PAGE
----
GLASS IS NOT AN INSULATOR FOR HEAT OR COLD! Think about the Glass Coffee Pot at your favorite restaurant? That coffee is kept hot be heating on the burner most of the day. Your ice tea glass is cold to hold, and sweats!
BLANKETS are a good insulator, as are coats and sweaters we wear, simply because these items of clothing prevents thermal currents, and traps our body heat. Feather comforters are excellent insulation as are Down Jackets and pants. Goose down feathers are the smaller feathers and traps air at each feather, keeping us warm in the winter, by using our own body heat.
Thermal Curtains were used in the past years, to help minimize the heat loss (and gain) from windows and doors. These heavy, multi layers of cloth, normally to floor length, did a pretty good job before the new Double Pane Windows came onto the market place.
A single pane of glass, like the coffee pot, transfers heat and cold very efficiently in cookware, and in older windows. If the temperature is 34 degrees outside, then the internal surface temperature of that single pane glass should be between 37 and 39 degrees. (Remember, the wall temperatures were in the middle 60 degrees with the thermostat set at 69 degrees.)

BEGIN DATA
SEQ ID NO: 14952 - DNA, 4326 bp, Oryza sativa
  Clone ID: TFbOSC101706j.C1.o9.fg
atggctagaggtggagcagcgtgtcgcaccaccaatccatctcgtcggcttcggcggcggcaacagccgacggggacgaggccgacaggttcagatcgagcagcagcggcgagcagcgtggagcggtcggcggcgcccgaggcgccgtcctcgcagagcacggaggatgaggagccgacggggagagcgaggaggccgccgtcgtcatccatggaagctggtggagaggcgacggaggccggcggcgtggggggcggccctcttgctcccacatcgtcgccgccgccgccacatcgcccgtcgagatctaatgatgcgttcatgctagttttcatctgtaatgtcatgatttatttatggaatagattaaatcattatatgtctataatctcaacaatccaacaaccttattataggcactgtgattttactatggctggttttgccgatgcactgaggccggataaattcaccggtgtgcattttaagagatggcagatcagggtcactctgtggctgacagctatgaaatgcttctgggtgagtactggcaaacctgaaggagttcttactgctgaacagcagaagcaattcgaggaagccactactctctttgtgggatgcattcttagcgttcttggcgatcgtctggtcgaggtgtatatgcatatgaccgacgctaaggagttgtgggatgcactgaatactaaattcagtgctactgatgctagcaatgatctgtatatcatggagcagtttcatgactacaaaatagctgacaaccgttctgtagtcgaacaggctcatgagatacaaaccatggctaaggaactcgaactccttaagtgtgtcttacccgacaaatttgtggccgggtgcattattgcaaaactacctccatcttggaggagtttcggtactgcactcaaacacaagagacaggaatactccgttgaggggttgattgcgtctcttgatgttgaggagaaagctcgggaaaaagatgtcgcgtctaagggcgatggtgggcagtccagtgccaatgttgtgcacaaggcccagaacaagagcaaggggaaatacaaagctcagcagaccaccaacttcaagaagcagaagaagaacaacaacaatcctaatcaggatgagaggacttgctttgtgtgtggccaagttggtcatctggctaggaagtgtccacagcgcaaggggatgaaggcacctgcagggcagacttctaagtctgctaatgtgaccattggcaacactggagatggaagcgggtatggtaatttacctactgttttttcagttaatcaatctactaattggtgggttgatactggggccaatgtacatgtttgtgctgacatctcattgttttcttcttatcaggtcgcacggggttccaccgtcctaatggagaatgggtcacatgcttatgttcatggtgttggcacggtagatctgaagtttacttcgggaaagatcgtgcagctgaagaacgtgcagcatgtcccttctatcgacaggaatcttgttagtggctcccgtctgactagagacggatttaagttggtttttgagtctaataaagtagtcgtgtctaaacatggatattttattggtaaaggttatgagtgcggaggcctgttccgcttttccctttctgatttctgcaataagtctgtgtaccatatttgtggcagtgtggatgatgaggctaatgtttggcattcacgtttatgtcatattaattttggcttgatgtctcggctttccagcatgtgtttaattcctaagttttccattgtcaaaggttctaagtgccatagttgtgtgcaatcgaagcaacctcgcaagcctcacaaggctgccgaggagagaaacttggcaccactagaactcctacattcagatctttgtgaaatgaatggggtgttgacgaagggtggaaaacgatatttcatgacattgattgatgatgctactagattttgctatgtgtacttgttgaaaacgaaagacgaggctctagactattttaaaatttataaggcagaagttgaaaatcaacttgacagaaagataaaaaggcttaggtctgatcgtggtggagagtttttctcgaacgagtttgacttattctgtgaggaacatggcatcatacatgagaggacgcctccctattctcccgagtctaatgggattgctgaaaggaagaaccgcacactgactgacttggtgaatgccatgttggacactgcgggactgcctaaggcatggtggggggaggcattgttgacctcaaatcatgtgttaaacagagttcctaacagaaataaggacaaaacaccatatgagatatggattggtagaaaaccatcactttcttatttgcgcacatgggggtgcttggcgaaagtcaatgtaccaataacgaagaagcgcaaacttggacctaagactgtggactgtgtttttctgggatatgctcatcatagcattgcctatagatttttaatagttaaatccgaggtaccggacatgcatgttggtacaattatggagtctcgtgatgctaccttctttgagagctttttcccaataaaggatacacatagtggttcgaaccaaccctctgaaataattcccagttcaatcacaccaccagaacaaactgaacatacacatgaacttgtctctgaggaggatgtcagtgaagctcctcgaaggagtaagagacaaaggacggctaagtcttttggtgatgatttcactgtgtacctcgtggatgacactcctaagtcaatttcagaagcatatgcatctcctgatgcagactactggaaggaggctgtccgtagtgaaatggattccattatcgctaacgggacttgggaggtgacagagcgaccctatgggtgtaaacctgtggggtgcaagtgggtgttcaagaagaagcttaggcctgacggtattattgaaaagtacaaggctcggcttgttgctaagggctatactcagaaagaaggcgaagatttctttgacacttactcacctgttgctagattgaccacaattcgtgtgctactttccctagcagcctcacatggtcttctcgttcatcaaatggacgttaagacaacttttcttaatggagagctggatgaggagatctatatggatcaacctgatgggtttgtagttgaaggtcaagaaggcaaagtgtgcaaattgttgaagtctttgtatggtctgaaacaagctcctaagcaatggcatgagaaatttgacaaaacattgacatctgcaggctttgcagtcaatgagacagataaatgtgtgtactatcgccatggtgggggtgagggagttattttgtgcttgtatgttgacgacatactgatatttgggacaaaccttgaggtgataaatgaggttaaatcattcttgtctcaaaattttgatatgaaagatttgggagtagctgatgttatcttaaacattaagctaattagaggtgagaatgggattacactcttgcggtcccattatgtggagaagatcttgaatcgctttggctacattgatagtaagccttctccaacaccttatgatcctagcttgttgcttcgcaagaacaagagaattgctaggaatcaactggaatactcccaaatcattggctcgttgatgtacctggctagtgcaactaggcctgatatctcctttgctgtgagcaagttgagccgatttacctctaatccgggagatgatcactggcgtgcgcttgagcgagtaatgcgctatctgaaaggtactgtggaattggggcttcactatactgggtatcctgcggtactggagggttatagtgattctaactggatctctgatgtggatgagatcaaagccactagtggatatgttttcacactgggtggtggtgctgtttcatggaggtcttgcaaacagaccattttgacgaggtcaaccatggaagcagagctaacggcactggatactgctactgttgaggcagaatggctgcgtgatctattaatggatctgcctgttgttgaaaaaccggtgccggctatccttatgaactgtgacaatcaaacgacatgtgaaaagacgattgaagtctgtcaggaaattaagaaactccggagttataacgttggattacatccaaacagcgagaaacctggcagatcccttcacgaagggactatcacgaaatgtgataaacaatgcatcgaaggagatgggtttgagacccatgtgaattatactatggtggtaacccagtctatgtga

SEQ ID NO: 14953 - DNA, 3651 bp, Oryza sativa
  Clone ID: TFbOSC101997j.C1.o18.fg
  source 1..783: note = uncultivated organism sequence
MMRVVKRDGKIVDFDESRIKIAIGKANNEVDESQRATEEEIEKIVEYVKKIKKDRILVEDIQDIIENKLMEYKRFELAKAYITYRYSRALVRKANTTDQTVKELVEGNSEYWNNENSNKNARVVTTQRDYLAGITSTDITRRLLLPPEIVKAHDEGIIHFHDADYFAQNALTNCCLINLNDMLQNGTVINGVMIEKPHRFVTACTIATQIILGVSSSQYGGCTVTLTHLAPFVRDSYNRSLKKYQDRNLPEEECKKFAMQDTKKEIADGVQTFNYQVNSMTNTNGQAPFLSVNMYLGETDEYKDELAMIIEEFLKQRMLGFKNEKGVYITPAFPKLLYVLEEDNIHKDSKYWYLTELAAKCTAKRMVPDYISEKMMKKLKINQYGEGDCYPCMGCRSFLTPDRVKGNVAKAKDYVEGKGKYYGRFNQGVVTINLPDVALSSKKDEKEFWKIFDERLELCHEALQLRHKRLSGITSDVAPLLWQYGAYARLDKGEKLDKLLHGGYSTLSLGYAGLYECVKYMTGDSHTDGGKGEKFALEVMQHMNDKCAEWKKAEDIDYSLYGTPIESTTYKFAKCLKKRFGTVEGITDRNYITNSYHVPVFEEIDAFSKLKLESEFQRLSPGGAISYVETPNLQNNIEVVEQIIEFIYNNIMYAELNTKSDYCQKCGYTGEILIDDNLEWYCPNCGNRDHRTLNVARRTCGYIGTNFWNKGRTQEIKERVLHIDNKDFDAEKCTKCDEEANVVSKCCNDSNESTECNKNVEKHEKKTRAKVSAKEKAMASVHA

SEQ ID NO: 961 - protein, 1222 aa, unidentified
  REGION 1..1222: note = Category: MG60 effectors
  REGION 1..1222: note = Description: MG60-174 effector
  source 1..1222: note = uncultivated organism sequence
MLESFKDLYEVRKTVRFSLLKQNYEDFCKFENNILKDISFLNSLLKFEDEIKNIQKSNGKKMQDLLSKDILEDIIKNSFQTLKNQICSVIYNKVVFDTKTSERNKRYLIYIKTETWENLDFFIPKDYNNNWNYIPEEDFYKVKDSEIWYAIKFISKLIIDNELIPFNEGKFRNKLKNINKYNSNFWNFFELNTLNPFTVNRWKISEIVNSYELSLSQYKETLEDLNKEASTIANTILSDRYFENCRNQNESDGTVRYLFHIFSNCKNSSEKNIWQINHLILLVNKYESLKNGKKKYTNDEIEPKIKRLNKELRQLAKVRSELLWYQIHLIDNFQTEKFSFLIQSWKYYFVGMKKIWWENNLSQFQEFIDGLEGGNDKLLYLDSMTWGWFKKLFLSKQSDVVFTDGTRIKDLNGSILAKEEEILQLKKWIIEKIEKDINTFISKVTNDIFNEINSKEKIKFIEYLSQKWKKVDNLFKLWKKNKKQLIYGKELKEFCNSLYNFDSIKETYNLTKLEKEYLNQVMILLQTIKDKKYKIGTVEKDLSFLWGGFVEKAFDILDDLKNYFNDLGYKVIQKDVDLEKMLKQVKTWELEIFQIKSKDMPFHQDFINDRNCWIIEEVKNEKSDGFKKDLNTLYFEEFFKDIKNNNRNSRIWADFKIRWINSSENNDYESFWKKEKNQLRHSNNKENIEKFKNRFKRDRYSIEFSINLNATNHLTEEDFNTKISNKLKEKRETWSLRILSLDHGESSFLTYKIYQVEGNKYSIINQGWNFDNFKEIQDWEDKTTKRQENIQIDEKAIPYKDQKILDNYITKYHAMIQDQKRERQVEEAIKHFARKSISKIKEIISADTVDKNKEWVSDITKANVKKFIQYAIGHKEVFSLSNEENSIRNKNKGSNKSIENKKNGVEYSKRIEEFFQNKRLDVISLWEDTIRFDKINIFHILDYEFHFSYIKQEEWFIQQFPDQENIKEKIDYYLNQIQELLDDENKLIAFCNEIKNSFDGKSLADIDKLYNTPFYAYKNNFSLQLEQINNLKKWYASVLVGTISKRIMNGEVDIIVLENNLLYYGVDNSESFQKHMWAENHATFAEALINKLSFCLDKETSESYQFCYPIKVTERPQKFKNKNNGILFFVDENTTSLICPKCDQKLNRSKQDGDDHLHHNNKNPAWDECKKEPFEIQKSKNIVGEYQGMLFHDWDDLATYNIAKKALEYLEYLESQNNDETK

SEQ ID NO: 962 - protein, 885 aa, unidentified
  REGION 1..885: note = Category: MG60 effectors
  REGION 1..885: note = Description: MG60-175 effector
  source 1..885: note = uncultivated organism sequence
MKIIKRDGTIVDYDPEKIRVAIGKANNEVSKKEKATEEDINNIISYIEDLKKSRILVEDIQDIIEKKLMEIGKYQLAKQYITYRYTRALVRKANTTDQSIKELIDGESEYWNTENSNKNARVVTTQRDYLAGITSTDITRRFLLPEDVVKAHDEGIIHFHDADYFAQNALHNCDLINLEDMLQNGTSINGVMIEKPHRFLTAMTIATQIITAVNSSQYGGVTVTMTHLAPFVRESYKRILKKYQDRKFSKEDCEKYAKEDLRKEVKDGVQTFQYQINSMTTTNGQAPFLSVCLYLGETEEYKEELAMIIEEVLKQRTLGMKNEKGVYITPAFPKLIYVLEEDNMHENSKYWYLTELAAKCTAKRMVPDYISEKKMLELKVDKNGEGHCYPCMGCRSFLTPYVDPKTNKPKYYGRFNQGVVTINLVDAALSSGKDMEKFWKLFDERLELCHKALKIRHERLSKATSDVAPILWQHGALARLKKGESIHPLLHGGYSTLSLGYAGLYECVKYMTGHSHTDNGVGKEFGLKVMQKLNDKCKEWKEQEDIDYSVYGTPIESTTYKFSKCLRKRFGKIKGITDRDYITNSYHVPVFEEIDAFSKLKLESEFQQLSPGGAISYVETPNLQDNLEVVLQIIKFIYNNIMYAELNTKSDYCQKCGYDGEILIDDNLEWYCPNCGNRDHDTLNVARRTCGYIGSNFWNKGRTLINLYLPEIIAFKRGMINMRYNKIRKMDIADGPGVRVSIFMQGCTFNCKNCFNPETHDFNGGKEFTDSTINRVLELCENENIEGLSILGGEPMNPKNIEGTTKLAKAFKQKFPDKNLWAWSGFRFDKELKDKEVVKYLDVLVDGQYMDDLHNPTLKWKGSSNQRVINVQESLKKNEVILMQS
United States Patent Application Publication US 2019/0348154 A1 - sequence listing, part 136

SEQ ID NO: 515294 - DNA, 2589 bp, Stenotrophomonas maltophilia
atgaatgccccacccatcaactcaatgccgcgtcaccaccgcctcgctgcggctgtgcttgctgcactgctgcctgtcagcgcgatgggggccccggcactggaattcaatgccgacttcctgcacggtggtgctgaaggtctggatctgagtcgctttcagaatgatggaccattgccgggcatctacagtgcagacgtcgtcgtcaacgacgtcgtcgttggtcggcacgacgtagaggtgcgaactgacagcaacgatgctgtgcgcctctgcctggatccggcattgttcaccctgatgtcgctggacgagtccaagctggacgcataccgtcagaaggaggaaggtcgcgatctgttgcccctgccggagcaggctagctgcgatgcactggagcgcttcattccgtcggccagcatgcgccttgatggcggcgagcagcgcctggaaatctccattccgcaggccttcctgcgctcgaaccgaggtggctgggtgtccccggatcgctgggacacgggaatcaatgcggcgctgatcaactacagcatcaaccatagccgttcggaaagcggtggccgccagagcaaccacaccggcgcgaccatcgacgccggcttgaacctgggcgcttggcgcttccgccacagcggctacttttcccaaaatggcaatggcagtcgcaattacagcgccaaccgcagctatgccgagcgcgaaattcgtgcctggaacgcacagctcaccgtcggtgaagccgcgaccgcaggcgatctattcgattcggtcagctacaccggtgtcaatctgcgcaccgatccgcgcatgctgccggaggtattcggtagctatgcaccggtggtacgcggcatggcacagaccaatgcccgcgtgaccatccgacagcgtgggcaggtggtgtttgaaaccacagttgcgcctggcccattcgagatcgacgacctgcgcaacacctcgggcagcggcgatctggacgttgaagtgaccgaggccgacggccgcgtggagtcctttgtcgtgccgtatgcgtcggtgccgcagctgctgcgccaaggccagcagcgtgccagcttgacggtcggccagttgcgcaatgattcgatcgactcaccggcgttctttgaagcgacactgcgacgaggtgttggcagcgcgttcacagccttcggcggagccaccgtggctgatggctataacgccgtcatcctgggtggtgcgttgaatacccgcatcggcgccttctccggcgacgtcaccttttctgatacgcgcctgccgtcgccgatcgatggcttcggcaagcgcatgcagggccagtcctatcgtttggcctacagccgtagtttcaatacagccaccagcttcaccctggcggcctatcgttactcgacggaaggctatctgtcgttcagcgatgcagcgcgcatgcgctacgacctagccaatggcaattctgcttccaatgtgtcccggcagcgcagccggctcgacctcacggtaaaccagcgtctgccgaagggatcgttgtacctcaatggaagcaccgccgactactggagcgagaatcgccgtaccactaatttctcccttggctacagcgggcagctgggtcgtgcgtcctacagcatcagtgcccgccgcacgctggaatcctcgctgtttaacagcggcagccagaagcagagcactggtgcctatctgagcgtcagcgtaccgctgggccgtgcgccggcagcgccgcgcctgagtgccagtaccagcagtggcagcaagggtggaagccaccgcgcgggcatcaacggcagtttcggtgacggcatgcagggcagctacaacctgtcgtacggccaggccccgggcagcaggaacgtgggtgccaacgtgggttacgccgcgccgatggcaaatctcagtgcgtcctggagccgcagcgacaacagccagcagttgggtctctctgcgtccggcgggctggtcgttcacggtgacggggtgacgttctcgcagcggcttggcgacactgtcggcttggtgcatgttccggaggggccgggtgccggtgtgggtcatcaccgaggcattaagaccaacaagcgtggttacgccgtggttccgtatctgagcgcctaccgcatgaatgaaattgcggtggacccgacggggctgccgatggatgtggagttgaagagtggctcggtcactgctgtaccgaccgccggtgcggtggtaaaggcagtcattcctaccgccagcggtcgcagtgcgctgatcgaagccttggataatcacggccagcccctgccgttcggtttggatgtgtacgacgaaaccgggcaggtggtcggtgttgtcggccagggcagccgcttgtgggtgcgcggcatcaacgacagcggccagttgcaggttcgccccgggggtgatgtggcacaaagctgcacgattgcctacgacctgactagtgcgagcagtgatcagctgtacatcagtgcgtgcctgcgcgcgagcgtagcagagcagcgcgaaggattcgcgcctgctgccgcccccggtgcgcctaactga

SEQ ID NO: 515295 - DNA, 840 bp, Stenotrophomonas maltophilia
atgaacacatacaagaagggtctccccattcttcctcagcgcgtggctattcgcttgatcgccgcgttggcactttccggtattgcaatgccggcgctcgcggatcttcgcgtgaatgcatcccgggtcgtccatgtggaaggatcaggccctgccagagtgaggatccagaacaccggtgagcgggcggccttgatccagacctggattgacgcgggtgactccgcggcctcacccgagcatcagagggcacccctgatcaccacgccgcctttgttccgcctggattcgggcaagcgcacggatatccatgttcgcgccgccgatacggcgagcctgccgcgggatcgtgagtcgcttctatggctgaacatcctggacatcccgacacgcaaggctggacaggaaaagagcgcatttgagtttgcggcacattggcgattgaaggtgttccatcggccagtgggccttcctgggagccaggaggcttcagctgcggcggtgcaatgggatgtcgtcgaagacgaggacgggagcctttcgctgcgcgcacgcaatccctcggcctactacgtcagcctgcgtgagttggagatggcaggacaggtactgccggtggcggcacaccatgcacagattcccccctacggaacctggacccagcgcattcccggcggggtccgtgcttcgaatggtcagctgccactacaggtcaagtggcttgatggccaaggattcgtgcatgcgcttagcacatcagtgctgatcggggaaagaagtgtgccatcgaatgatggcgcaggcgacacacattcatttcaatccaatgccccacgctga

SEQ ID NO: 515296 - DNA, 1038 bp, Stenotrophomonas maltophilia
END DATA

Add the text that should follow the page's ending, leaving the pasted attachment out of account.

Once our single pane windows begin to “sweat”, that is where the moisture is being condensed onto the colder surface! In the winter time, that condensation is at the interior side, as the glass is colder than the walls. In the summer time, that condensation is at the exterior side of that same glass if the glass temperature is below the dew point of that current weather system. If the glass temperature is below freezing, that window “sweat” will become “frost”!
If the outdoor temperature is 90 degrees, then your interior glass surface temperature would be about 76 to 81 degrees, which is one reason why during the 1970’s, homeowners were instructed to have their temperatures set at 78 degrees in the summer, and 68 degrees in the winter time, as an energy saving alternative.
So, if you have 15 windows, and they are about 3’ wide, and about 5’ tall, then at 15 square feet, multiplied by 15 windows, you have 225 square feet of glass that is acting like sheets of ice, cooling your home in the winter time, and heating your home in the summer time!
Building codes changed in the 2009 IRC Code Book requiring all windows in newly constructed homes to be double paned or insulated.
In the 2015 IRC Code Book that same code was altered to require the LowE glass in all newly constructed homes!
Double Paned Windows are made so the air space is less than 1” of dead air space, often filled with Argon gas, or other inert gas, that minimizes the transfer of heat from one side to the other in a double paned glass. It is also important that these panes of glass are “thermally disconnected”.